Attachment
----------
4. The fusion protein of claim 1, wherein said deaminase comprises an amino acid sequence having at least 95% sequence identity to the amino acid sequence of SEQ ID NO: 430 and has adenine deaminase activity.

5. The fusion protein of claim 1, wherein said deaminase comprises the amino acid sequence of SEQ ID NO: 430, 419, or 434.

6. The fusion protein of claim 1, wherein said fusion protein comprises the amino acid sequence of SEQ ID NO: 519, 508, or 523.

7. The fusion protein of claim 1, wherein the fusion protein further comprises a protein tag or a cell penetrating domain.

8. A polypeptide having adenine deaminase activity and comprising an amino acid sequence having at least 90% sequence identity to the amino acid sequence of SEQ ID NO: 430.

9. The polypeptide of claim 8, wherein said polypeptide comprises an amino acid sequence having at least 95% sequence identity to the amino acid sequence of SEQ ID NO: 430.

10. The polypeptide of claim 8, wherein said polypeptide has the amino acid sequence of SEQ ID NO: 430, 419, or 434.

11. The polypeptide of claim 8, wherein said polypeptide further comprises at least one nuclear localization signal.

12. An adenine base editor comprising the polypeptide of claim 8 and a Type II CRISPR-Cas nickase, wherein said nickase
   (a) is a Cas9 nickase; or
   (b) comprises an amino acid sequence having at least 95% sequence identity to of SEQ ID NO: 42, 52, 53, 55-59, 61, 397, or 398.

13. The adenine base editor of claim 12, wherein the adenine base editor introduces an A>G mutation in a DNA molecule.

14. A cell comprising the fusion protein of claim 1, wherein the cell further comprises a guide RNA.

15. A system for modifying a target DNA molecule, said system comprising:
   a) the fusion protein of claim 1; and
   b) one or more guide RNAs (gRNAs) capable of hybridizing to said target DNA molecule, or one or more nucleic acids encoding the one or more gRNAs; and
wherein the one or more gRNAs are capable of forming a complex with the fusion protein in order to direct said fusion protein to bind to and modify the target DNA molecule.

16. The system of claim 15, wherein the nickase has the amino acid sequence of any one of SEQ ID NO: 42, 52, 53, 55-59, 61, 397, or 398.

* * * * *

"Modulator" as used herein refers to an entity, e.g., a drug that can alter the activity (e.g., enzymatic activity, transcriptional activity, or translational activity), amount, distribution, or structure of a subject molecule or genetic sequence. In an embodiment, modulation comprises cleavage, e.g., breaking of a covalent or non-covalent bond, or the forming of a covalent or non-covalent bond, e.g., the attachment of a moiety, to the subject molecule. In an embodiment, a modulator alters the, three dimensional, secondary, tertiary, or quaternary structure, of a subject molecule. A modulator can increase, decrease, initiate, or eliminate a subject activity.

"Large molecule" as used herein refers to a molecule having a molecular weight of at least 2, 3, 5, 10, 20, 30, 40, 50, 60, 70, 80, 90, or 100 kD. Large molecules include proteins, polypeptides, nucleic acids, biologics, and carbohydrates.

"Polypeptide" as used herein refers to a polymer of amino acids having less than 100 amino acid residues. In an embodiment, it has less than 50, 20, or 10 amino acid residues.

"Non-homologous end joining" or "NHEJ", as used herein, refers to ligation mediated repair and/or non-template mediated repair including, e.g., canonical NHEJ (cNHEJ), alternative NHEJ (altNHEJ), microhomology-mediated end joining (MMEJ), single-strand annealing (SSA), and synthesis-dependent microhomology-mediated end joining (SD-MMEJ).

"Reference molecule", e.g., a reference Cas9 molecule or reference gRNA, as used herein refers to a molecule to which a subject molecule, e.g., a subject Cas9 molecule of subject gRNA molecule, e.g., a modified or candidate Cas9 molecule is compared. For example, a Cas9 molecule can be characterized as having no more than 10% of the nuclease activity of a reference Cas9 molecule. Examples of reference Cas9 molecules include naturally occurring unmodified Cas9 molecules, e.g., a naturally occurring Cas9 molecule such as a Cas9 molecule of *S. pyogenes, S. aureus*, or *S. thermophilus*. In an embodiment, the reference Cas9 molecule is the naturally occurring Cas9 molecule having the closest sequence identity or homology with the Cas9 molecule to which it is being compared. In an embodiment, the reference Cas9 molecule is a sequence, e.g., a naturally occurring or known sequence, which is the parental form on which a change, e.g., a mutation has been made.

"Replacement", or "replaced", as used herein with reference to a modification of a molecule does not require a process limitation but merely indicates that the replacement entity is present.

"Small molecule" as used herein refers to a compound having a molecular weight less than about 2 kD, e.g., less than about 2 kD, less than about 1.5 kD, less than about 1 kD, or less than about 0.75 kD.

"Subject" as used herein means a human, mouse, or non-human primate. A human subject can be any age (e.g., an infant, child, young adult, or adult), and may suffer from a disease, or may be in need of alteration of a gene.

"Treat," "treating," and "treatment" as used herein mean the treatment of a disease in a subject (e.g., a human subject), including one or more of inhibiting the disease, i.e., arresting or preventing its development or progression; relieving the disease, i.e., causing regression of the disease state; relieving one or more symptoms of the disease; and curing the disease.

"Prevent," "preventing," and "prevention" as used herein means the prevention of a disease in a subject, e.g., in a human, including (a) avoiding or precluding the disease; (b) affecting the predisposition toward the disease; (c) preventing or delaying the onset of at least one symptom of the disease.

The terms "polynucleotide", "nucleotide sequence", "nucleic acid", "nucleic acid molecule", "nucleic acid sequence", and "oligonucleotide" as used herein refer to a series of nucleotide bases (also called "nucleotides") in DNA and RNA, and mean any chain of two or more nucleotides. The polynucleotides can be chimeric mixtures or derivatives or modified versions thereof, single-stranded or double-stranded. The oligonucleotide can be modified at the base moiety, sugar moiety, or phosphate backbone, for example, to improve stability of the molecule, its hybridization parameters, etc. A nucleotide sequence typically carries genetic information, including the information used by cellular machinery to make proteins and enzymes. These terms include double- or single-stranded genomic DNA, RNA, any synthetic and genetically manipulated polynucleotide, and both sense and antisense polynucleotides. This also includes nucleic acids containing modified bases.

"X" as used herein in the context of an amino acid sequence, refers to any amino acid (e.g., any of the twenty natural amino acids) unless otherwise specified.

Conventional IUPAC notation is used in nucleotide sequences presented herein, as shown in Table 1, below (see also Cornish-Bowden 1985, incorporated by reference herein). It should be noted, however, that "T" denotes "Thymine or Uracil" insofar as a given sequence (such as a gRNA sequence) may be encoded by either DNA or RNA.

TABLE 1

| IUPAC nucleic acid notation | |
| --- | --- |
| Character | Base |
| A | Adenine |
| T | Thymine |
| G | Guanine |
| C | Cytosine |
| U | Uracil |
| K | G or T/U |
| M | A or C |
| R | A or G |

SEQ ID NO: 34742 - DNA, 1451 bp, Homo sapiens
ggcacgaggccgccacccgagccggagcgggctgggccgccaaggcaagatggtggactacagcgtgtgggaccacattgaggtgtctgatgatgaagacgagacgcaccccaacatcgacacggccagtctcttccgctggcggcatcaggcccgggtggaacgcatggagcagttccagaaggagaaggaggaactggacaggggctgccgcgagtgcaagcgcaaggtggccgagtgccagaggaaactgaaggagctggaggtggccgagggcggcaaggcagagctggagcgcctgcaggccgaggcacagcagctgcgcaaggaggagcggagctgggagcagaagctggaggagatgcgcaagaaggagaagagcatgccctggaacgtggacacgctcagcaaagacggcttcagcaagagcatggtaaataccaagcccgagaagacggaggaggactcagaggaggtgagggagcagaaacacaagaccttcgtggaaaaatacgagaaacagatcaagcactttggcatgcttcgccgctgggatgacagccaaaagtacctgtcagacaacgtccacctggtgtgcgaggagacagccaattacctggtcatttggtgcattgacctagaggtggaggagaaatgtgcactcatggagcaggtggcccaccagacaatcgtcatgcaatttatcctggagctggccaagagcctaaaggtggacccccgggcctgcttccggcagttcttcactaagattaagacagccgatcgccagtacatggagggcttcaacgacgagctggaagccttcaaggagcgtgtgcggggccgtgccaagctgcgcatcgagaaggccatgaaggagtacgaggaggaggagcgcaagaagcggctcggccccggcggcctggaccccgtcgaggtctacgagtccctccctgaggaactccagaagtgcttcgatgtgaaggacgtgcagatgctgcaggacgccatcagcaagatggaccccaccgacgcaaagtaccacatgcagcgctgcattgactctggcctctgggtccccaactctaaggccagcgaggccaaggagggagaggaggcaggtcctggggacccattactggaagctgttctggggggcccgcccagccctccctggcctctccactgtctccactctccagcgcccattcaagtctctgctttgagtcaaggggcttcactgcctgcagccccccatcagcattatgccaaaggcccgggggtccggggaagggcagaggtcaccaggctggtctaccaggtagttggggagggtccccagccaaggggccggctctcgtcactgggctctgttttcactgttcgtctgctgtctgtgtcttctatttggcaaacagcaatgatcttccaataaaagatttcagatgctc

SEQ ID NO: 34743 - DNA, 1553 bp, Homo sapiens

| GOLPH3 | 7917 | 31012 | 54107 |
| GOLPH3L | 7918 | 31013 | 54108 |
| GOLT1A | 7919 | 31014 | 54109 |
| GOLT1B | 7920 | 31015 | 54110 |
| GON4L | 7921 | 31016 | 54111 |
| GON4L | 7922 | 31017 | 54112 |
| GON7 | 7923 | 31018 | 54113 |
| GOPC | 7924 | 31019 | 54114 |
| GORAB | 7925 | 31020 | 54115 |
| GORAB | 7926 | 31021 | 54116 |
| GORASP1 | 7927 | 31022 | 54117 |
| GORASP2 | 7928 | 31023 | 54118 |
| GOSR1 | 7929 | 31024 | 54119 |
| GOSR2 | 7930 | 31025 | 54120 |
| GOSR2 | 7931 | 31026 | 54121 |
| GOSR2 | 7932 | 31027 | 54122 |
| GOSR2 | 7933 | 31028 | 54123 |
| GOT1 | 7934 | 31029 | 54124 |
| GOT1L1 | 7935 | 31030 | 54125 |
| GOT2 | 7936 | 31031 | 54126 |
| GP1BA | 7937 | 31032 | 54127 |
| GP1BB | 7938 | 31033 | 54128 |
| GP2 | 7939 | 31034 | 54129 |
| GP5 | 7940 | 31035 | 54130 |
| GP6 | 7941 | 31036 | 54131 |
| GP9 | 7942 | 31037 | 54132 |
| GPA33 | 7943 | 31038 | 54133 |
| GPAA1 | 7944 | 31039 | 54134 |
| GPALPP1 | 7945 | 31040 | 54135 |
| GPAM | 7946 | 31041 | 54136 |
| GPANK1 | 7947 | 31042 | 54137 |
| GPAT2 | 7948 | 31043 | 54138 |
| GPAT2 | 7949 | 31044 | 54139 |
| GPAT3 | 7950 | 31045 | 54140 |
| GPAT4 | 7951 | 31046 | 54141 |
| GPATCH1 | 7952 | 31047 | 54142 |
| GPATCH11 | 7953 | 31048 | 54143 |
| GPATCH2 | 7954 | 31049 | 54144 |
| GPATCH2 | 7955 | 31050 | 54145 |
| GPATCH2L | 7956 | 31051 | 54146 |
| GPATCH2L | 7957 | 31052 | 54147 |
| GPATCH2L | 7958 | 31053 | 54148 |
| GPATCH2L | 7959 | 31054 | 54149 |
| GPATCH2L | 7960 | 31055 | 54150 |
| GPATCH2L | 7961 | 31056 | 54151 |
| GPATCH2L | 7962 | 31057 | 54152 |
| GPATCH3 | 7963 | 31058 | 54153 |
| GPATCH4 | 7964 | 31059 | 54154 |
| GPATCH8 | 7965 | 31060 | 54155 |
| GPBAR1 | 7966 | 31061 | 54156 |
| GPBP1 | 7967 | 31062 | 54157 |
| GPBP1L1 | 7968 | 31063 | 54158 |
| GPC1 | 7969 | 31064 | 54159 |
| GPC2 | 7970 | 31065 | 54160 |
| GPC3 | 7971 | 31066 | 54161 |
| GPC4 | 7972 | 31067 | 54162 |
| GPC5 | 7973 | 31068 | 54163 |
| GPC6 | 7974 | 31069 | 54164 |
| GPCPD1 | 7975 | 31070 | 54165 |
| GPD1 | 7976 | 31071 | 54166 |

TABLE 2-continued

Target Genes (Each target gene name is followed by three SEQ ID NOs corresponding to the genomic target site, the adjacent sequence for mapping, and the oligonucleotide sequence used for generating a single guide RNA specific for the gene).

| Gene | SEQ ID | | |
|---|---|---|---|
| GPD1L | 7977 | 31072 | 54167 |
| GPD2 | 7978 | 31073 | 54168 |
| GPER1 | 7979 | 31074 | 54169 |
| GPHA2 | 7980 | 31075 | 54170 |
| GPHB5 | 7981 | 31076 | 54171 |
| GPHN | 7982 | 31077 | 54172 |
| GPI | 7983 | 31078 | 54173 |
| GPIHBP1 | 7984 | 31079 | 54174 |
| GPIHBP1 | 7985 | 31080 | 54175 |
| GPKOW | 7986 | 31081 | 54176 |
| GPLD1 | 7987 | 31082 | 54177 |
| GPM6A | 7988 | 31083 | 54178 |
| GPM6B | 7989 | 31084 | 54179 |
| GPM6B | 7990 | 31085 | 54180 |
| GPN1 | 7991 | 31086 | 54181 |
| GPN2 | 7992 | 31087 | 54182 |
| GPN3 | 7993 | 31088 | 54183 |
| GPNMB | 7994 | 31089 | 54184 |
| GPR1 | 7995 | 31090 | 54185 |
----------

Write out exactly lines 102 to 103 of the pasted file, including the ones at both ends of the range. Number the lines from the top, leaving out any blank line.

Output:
| GPC3 | 7971 | 31066 | 54161 |
| GPC4 | 7972 | 31067 | 54162 |